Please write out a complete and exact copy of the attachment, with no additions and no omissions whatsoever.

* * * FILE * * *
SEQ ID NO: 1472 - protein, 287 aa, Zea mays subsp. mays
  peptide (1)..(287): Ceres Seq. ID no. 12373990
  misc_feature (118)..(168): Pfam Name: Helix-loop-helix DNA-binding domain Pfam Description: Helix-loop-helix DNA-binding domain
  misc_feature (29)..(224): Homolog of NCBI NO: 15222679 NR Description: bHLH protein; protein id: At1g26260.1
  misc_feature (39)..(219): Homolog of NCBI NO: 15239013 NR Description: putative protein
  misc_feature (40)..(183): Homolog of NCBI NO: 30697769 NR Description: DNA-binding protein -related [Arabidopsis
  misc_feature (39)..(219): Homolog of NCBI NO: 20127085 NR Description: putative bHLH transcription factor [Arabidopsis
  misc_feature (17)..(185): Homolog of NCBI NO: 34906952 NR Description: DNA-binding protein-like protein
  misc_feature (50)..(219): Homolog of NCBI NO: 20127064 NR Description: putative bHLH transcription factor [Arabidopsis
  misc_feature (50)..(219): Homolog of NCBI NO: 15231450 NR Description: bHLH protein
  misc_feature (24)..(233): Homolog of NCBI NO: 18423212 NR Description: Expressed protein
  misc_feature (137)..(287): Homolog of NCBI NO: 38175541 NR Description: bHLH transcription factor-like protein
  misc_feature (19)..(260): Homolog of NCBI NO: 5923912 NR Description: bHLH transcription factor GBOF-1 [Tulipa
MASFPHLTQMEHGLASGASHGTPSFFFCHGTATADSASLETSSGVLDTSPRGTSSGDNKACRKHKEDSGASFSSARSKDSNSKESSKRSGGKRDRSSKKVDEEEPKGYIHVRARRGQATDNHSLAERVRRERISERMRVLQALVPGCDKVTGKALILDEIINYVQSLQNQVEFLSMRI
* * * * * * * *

SEQ ID NO: 1472 - protein, 287 aa, Zea mays subsp. mays
  peptide (1)..(287): Ceres Seq. ID no. 12373990
  misc_feature (118)..(168): Pfam Name: Helix-loop-helix DNA-binding domain Pfam Description: Helix-loop-helix DNA-binding domain
  misc_feature (29)..(224): Homolog of NCBI NO: 15222679 NR Description: bHLH protein; protein id: At1g26260.1
  misc_feature (39)..(219): Homolog of NCBI NO: 15239013 NR Description: putative protein
  misc_feature (40)..(183): Homolog of NCBI NO: 30697769 NR Description: DNA-binding protein -related [Arabidopsis
  misc_feature (39)..(219): Homolog of NCBI NO: 20127085 NR Description: putative bHLH transcription factor [Arabidopsis
  misc_feature (17)..(185): Homolog of NCBI NO: 34906952 NR Description: DNA-binding protein-like protein
  misc_feature (50)..(219): Homolog of NCBI NO: 20127064 NR Description: putative bHLH transcription factor [Arabidopsis
  misc_feature (50)..(219): Homolog of NCBI NO: 15231450 NR Description: bHLH protein
  misc_feature (24)..(233): Homolog of NCBI NO: 18423212 NR Description: Expressed protein
  misc_feature (137)..(287): Homolog of NCBI NO: 38175541 NR Description: bHLH transcription factor-like protein
  misc_feature (19)..(260): Homolog of NCBI NO: 5923912 NR Description: bHLH transcription factor GBOF-1 [Tulipa
MASFPHLTQMEHGLASGASHGTPSFFFCHGTATADSASLETSSGVLDTSPRGTSSGDNKACRKHKEDSGASFSSARSKDSNSKESSKRSGGKRDRSSKKVDEEEPKGYIHVRARRGQATDNHSLAERVRRERISERMRVLQALVPGCDKVTGKALILDEIINYVQSLQNQVEFLSMRI